A Prescription for Diabetics' Health

Type 2 diabetics can retain mobility longer with exercise and weight loss

(RxWiki News) Overweight adults with type 2 diabetes can do two things to practically double the likelihood that they'll remain healthy and active: lose weight and exercise.

A recent study found that increasing physical fitness and losing weight had a positive impact on the risk of these adults' losing their mobility.

"Lose weight and exercise for better health."

Jack Rejeski, Ph.D., a professor of health and exercise at Wake Forest University in Winston-Salem, N.C., led the study over a four-year period.

Starting with 5,145 participants with type 2 diabetes, the researchers split them into two groups. One was a diabetes support and education group who received general instruction on diet, exercise and social support and who met three times a year.

The other half participated in an intensive lifestyle intervention group that included more regular group and individual meetings and emphasized losing weight and keeping it off by decreasing their calories and increasing their exercise.

Researchers weighed participants from both groups each year and assessed their fitness level once a year with a treadmill fitness test.

The researchers rated the participants' levels of mobility and disability by evaluating how well they could do certain activities, including strenuous activities like running and lifting heavy objects as well as lighter work, like vacuum cleaning or golf.

The participants also ranked themselves in terms of how well they could climb stairs, walk over a mile, walk a block, and bend, kneel or stoop.

Following the fourth year of the study, approximately half as many participants in the weight loss and exercise intervention group had lost some mobility compared to those in the education group.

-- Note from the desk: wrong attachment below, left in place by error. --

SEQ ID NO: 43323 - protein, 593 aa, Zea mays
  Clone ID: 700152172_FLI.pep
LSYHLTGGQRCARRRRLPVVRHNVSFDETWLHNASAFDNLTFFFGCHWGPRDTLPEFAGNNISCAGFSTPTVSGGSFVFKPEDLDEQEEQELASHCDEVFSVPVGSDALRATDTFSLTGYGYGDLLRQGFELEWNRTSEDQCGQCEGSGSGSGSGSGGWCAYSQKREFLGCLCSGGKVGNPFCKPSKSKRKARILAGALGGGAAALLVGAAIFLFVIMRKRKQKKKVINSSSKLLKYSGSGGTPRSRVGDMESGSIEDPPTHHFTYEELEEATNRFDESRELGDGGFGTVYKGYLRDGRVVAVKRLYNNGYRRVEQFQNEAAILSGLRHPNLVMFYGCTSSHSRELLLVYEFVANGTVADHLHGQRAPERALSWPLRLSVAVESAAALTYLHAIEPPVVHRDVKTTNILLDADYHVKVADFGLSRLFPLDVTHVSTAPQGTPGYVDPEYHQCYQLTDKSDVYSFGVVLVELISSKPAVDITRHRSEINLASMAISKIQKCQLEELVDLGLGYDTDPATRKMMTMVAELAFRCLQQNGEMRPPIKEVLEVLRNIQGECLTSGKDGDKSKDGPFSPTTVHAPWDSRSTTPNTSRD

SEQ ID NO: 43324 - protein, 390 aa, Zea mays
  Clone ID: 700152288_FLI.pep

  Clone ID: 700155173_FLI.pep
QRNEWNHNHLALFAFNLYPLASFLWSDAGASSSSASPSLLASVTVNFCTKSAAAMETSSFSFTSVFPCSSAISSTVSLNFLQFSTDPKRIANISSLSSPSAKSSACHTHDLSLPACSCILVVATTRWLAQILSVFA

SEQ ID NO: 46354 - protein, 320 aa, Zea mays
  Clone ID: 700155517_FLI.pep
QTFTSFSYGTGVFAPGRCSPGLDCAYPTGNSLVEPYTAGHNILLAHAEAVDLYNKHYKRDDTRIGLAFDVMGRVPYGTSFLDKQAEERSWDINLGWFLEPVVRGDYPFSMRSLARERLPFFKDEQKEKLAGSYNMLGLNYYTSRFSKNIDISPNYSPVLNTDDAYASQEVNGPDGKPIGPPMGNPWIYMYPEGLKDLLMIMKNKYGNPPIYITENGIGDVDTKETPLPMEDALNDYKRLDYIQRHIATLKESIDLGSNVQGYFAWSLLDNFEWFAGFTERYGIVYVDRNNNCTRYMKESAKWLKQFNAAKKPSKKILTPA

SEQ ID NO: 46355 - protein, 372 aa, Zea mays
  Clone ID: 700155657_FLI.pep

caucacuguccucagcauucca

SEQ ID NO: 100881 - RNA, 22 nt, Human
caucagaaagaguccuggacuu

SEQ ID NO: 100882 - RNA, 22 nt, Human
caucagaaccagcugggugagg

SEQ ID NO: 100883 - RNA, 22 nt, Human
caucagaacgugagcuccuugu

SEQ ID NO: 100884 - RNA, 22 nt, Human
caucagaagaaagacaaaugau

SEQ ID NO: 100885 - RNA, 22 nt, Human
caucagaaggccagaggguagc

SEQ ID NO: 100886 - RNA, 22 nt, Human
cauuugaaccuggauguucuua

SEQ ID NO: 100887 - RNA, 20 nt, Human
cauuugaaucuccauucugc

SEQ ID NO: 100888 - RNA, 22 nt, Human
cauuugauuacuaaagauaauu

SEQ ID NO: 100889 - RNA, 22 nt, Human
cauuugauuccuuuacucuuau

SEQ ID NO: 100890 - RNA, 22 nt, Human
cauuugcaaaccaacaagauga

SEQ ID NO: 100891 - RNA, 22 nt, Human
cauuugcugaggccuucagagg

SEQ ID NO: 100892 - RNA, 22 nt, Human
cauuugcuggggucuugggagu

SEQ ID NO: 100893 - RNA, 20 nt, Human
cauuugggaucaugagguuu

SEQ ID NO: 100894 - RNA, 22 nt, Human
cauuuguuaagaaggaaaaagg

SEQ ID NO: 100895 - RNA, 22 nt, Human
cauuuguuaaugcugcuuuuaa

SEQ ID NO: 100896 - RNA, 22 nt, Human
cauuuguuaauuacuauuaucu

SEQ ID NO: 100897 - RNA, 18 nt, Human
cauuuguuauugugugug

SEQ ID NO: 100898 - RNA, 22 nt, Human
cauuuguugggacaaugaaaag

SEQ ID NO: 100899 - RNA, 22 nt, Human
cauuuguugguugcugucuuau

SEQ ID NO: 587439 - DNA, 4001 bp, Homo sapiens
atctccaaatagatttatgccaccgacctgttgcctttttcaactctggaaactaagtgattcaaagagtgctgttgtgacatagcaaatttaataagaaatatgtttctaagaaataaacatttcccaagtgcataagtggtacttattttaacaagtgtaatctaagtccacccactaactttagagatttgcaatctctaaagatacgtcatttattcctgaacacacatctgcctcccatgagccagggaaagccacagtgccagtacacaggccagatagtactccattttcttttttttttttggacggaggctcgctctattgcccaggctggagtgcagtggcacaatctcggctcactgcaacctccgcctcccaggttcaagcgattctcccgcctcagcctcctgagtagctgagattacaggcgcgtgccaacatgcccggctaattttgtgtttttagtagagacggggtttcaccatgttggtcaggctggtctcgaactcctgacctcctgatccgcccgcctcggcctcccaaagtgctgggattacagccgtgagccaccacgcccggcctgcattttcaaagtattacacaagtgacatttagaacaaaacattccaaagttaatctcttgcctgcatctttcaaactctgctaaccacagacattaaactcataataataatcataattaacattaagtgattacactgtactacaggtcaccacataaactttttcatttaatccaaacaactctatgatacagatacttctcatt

In addition, 26 percent of those in the education group reported a severe disability compared to 21 percent of the group that received the intervention.

Among those who reported having good mobility, 39 percent were in the intervention group compared to 32 percent in the education group.

"The weight loss and physical activity goals promoted in the study are well within the reach of most Americans," Rejeski said.

The researchers reported that losing weight and increasing exercise levels both were linked to lower risk of mobility problems, though weight loss played a slightly larger part.

"This study of mobility highlights the value of finding ways to help adults with type 2 diabetes keep moving as they age," said author Mary Evans, Ph.D.

"We know that when adults lose mobility, it becomes difficult for them to live on their own, and they are likely to develop more serious health problems, increasing their health care costs," Evans said.

Griffin Rodgers, M.D., director of the National Institute of Diabetes and Digestive and Kidney Diseases through the National Institutes of Health, noted that a good level of mobility contributes to a person's quality of life.

"These findings add support to making lifestyle changes that improve health and reduce disability in people with type 2 diabetes, changes that already have been shown to prevent the disease and provide a good return on investment," Rodgers said.

The research appears in the March 29 issue of the New England Journal of Medicine. The study was funded by the National Institutes of Health.

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Review Date: 
March 30, 2012